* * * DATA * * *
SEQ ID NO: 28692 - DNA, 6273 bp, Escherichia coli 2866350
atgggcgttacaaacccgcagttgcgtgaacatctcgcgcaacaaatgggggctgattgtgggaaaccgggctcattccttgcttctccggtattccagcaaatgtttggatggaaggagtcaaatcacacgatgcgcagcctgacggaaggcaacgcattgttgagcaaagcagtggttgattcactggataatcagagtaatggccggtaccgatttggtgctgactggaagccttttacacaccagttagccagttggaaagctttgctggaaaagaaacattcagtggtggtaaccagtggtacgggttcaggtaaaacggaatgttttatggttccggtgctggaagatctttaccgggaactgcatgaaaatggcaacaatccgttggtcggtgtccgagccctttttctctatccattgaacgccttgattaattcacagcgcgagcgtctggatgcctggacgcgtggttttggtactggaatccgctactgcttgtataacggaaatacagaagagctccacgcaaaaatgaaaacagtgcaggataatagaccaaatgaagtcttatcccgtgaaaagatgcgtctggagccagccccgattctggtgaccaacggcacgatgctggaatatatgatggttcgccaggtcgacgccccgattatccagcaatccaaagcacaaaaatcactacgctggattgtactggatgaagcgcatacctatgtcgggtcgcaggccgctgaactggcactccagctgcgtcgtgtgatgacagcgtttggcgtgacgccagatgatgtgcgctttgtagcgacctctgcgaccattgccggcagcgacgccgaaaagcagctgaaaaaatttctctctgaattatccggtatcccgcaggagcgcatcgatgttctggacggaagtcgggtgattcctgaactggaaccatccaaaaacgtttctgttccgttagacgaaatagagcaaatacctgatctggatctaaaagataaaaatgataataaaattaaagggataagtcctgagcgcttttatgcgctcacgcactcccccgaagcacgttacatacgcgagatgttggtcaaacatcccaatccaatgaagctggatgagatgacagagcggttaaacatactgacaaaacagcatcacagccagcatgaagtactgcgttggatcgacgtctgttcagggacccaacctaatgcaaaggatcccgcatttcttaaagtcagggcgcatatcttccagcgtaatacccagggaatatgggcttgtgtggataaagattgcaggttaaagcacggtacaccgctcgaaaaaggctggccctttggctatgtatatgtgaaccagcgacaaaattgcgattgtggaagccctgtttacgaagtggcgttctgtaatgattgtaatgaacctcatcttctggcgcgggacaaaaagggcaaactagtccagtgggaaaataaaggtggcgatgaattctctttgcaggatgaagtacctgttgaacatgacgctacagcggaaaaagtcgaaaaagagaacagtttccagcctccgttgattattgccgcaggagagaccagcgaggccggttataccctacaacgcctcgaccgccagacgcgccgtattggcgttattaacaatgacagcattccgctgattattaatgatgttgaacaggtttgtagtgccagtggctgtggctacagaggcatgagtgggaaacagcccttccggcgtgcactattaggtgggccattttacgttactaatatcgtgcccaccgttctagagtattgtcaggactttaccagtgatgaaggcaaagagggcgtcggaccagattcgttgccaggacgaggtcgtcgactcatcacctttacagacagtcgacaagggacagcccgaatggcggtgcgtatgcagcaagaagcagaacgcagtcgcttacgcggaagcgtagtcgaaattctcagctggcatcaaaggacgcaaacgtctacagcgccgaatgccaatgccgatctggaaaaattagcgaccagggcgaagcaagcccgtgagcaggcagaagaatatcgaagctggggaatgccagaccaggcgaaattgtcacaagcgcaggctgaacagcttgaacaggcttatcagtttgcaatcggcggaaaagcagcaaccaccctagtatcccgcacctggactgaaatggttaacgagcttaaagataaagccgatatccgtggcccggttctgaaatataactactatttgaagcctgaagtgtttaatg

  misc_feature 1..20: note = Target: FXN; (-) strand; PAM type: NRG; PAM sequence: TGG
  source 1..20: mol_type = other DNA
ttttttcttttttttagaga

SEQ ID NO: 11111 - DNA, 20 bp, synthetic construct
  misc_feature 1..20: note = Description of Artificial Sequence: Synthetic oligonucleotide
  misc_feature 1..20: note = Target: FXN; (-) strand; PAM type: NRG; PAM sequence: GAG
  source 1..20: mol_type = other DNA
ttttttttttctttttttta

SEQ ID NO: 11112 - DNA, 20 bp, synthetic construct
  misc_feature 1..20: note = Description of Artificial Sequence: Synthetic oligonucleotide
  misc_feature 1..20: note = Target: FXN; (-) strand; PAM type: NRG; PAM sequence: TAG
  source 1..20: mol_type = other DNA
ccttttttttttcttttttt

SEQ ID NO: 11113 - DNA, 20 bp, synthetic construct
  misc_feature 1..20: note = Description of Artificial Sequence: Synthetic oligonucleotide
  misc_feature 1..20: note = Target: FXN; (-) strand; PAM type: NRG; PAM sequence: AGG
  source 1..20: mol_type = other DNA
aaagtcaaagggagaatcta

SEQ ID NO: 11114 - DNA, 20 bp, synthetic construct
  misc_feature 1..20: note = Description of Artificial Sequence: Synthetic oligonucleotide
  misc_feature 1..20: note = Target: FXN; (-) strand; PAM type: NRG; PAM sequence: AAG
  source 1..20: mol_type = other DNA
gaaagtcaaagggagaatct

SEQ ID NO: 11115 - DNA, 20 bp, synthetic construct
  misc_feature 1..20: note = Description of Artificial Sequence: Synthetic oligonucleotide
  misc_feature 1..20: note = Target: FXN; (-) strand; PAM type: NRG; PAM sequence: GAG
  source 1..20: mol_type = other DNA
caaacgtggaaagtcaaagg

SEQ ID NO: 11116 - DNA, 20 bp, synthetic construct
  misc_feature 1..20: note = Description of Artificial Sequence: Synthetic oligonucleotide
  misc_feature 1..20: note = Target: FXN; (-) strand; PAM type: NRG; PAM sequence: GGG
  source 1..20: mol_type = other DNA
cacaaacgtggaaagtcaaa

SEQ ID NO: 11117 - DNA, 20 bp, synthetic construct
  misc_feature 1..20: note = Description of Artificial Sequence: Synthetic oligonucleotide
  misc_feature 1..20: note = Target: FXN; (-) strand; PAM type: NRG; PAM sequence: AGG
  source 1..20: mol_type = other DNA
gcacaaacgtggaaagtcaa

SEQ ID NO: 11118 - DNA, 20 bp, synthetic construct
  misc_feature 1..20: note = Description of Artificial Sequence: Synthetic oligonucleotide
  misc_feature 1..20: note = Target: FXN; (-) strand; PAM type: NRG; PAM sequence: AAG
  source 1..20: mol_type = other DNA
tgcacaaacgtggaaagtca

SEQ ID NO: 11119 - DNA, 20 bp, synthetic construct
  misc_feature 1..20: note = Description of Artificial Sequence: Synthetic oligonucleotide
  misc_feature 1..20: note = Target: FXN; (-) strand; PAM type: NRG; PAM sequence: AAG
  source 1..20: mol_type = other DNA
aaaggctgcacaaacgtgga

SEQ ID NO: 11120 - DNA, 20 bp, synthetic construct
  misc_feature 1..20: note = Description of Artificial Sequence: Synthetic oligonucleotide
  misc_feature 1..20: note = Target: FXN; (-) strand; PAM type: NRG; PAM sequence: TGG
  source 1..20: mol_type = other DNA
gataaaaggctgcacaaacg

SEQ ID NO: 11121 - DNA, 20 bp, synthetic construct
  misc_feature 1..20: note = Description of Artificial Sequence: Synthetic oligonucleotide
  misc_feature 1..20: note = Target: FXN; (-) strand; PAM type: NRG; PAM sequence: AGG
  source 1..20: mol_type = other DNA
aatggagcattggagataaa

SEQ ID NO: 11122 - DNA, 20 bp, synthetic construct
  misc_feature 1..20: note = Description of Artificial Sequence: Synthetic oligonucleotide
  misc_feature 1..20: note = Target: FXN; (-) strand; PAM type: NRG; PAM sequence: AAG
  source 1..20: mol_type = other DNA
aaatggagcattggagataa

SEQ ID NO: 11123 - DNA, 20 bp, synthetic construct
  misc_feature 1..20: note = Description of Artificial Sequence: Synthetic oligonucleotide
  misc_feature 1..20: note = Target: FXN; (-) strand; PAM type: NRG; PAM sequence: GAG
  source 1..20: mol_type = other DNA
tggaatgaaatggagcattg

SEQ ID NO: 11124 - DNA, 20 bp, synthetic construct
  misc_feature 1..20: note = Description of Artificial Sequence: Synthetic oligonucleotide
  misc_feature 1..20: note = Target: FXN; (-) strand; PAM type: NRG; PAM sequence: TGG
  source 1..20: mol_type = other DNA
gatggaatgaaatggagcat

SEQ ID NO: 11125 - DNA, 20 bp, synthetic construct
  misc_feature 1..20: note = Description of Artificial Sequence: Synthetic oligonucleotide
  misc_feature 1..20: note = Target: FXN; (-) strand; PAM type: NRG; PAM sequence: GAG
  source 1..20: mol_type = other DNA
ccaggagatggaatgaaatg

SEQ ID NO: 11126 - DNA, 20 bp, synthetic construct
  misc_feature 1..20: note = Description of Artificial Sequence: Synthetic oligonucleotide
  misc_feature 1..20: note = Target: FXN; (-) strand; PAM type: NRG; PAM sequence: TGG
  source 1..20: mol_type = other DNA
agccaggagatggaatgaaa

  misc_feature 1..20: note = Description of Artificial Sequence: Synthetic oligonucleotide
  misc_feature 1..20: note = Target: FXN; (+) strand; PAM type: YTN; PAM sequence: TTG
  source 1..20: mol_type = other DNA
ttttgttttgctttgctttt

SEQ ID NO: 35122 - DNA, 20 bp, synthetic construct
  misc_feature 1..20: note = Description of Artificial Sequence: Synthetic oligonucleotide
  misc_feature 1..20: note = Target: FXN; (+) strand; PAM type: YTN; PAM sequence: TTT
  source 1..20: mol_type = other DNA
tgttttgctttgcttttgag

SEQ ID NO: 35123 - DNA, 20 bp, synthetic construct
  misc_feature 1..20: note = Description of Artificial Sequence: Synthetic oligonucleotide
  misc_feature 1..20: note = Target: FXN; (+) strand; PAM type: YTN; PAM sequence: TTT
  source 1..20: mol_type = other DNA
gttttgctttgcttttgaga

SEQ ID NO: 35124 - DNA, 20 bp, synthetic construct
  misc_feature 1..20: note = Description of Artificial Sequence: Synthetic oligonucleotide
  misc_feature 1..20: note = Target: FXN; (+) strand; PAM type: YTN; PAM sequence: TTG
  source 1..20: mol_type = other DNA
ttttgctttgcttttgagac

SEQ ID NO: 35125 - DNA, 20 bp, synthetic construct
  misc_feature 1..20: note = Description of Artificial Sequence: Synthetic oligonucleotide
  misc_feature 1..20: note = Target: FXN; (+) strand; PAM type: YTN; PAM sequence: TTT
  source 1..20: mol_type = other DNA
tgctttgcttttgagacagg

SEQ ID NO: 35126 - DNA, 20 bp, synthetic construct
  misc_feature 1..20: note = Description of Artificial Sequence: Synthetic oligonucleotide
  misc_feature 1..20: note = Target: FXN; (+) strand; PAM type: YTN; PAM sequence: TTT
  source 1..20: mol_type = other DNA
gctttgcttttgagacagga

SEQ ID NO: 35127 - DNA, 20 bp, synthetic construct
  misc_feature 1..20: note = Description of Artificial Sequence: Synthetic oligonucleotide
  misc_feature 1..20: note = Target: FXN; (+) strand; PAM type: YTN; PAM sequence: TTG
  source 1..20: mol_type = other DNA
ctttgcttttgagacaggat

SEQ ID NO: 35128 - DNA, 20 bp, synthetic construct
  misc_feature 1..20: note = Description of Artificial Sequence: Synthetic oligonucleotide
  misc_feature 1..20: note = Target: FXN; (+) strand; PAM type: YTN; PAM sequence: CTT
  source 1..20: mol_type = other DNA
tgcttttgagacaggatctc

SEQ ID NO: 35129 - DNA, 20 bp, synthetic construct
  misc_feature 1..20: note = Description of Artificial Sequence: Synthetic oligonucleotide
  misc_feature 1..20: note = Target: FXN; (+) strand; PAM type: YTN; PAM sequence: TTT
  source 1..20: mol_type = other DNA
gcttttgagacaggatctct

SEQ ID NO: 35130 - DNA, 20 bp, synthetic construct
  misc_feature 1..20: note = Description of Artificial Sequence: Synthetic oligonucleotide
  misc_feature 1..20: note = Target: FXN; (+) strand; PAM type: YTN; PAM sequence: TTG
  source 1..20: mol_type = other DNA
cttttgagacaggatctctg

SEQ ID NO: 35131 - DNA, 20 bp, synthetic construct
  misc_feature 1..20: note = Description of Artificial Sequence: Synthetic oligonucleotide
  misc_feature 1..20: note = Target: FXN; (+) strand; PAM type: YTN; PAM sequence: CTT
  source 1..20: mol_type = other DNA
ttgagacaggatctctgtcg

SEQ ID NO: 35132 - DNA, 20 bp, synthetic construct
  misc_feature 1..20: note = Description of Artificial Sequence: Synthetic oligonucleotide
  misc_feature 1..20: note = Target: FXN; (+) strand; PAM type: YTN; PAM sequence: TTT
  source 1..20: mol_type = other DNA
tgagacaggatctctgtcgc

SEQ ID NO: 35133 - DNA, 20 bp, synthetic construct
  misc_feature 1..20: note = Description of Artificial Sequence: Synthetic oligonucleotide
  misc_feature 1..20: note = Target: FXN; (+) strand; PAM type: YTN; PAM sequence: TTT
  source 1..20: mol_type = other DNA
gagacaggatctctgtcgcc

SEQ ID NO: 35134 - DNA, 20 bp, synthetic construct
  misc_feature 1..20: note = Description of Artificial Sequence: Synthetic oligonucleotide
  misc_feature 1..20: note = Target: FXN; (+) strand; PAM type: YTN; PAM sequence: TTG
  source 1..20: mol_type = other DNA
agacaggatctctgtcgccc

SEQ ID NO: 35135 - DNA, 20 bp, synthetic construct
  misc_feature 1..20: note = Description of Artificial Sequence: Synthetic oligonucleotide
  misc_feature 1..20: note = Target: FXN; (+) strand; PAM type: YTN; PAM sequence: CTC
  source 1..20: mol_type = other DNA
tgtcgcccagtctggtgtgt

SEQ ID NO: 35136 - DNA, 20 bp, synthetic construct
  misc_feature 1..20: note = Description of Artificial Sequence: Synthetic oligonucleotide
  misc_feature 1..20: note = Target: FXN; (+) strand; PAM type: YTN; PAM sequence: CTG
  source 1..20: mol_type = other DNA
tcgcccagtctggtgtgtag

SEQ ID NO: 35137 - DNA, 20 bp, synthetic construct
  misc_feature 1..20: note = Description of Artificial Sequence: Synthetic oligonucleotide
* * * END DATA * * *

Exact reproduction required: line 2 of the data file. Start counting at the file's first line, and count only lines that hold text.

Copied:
atgggcgttacaaacccgcagttgcgtgaacatctcgcgcaacaaatgggggctgattgtgggaaaccgggctcattccttgcttctccggtattccagcaaatgtttggatggaaggagtcaaatcacacgatgcgcagcctgacggaaggcaacgcattgttgagcaaagcagtggttgattcactggataatcagagtaatggccggtaccgatttggtgctgactggaagccttttacacaccagttagccagttggaaagctttgctggaaaagaaacattcagtggtggtaaccagtggtacgggttcaggtaaaacggaatgttttatggttccggtgctggaagatctttaccgggaactgcatgaaaatggcaacaatccgttggtcggtgtccgagccctttttctctatccattgaacgccttgattaattcacagcgcgagcgtctggatgcctggacgcgtggttttggtactggaatccgctactgcttgtataacggaaatacagaagagctccacgcaaaaatgaaaacagtgcaggataatagaccaaatgaagtcttatcccgtgaaaagatgcgtctggagccagccccgattctggtgaccaacggcacgatgctggaatatatgatggttcgccaggtcgacgccccgattatccagcaatccaaagcacaaaaatcactacgctggattgtactggatgaagcgcatacctatgtcgggtcgcaggccgctgaactggcactccagctgcgtcgtgtgatgacagcgtttggcgtgacgccagatgatgtgcgctttgtagcgacctctgcgaccattgccggcagcgacgccgaaaagcagctgaaaaaatttctctctgaattatccggtatcccgcaggagcgcatcgatgttctggacggaagtcgggtgattcctgaactggaaccatccaaaaacgtttctgttccgttagacgaaatagagcaaatacctgatctggatctaaaagataaaaatgataataaaattaaagggataagtcctgagcgcttttatgcgctcacgcactcccccgaagcacgttacatacgcgagatgttggtcaaacatcccaatccaatgaagctggatgagatgacagagcggttaaacatactgacaaaacagcatcacagccagcatgaagtactgcgttggatcgacgtctgttcagggacccaacctaatgcaaaggatcccgcatttcttaaagtcagggcgcatatcttccagcgtaatacccagggaatatgggcttgtgtggataaagattgcaggttaaagcacggtacaccgctcgaaaaaggctggccctttggctatgtatatgtgaaccagcgacaaaattgcgattgtggaagccctgtttacgaagtggcgttctgtaatgattgtaatgaacctcatcttctggcgcgggacaaaaagggcaaactagtccagtgggaaaataaaggtggcgatgaattctctttgcaggatgaagtacctgttgaacatgacgctacagcggaaaaagtcgaaaaagagaacagtttccagcctccgttgattattgccgcaggagagaccagcgaggccggttataccctacaacgcctcgaccgccagacgcgccgtattggcgttattaacaatgacagcattccgctgattattaatgatgttgaacaggtttgtagtgccagtggctgtggctacagaggcatgagtgggaaacagcccttccggcgtgcactattaggtgggccattttacgttactaatatcgtgcccaccgttctagagtattgtcaggactttaccagtgatgaaggcaaagagggcgtcggaccagattcgttgccaggacgaggtcgtcgactcatcacctttacagacagtcgacaagggacagcccgaatggcggtgcgtatgcagcaagaagcagaacgcagtcgcttacgcggaagcgtagtcgaaattctcagctggcatcaaaggacgcaaacgtctacagcgccgaatgccaatgccgatctggaaaaattagcgaccagggcgaagcaagcccgtgagcaggcagaagaatatcgaagctggggaatgccagaccaggcgaaattgtcacaagcgcaggctgaacagcttgaacaggcttatcagtttgcaatcggcggaaaagcagcaaccaccctagtatcccgcacctggactgaaatggttaacgagcttaaagataaagccgatatccgtggcccggttctgaaatataactactatttgaagcctgaagtgtttaatg